TO KYO, Japan (AP) – Honda reported yesterday that its fiscal third-quarter profit more than doubled to ¥284 billion (US$2.7 billion) despite the novel coronavirus pandemic as auto sales grew in Japan and the US.
Japanese automaker Honda Motor Corporation had reported a ¥116-billion profit for October-December a year earlier.
Honda’s quarterly sales inched up less than one per cent to ¥3.7 trillion (US$35 billion).
Cost cuts also helped boost Honda’s bottom line, despite difficulties caused by the pandemic, including computer chip shortages, according to Tokyo-based Honda.
The maker of the Accord sedan, CR-V crossover and Asimo robot said it carried out a major review of its operations to streamline expenses.
Honda said its motorcycle sales slipped in the three months through December to about 3 million motorcycles from 3.1 million units a year ago.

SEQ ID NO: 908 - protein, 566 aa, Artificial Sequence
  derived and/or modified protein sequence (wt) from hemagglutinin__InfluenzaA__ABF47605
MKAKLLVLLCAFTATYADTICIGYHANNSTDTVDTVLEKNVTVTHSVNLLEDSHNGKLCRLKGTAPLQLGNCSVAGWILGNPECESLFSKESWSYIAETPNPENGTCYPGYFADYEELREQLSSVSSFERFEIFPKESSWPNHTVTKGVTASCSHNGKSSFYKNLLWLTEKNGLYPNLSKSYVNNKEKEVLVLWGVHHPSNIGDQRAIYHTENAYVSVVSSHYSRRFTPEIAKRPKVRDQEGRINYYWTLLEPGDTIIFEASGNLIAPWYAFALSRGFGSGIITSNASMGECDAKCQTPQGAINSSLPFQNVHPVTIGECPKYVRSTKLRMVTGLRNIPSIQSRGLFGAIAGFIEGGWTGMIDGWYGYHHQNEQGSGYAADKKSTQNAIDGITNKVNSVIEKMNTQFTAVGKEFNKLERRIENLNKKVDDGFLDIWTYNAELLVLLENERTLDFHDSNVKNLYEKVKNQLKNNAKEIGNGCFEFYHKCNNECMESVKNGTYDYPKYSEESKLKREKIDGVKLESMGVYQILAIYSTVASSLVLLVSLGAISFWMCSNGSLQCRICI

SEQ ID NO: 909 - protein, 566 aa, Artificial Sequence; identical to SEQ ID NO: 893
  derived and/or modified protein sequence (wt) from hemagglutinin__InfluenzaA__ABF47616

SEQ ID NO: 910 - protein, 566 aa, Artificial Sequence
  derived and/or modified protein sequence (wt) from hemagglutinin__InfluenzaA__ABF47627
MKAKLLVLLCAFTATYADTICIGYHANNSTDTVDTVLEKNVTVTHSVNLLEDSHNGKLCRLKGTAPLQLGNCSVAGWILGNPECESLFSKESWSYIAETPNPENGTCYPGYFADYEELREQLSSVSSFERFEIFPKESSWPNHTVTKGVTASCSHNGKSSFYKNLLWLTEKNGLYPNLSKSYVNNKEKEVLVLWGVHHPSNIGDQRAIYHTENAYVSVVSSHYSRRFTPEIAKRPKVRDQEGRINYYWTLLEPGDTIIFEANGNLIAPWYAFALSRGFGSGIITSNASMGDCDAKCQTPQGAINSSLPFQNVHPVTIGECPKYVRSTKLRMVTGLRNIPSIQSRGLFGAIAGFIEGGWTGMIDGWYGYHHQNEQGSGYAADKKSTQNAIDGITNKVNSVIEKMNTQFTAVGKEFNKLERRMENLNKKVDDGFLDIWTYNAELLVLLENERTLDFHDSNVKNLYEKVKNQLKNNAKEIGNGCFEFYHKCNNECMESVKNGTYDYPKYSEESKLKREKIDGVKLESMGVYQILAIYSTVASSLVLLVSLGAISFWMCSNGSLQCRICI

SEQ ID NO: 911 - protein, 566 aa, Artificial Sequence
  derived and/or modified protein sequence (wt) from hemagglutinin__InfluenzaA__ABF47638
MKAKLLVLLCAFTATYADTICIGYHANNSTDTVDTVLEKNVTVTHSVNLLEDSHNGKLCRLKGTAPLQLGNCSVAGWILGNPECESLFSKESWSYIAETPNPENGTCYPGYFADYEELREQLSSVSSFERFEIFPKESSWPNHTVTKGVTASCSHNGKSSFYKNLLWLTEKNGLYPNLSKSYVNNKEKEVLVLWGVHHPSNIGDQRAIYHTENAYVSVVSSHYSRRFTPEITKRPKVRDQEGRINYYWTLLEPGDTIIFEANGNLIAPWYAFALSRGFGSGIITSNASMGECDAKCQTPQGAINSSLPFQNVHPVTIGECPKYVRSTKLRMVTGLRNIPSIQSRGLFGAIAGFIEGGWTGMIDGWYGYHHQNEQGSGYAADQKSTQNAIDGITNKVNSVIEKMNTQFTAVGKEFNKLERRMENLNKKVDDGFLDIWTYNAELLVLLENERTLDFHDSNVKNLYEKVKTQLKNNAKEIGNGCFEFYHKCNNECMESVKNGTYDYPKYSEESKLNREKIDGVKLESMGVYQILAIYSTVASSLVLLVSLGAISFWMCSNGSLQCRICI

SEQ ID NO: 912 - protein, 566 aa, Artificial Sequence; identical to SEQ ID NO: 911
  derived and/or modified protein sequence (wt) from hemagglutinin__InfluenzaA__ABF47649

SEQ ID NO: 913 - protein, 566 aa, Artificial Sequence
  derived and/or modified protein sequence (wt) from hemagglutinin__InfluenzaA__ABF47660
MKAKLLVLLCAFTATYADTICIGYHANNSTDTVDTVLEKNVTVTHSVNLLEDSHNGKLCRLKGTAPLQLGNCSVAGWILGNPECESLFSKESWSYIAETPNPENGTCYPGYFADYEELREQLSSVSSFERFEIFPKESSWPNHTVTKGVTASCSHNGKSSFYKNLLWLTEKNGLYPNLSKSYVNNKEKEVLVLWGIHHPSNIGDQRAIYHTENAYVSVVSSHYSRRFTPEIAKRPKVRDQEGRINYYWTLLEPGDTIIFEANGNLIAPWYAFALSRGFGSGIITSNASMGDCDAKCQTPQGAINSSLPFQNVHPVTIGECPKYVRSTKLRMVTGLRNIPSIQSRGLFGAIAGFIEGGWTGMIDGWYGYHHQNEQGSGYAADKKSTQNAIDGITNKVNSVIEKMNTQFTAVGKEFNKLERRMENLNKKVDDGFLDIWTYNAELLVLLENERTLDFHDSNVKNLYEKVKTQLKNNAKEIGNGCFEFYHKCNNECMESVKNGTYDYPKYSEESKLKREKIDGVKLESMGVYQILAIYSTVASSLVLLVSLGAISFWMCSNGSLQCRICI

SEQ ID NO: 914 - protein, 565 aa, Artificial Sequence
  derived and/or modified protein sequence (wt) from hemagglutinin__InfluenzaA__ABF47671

Auto sales held up, increasing slightly to 809,000 vehicles from 808,000 vehicles.
Honda raised its profit forecast for the year through March to 465 billion yen (US$4.4 billion), up from the previous projection for a ¥390-billion (US$3.7 billion) profit.
The latest forecast is also better than the ¥456-billion profit Honda earned the previous fiscal year.
But Honda warned the outlook remains uncertain because the impact from COVID-19 was still unclear.
Japanese rivals Nissan Motor and Toyota Motor corporations also reported earnings this week.
The pandemic has affected industries, companies and regions differently – mostly negatively.
But some companies, including Honda, have proved resilient, holding better than others.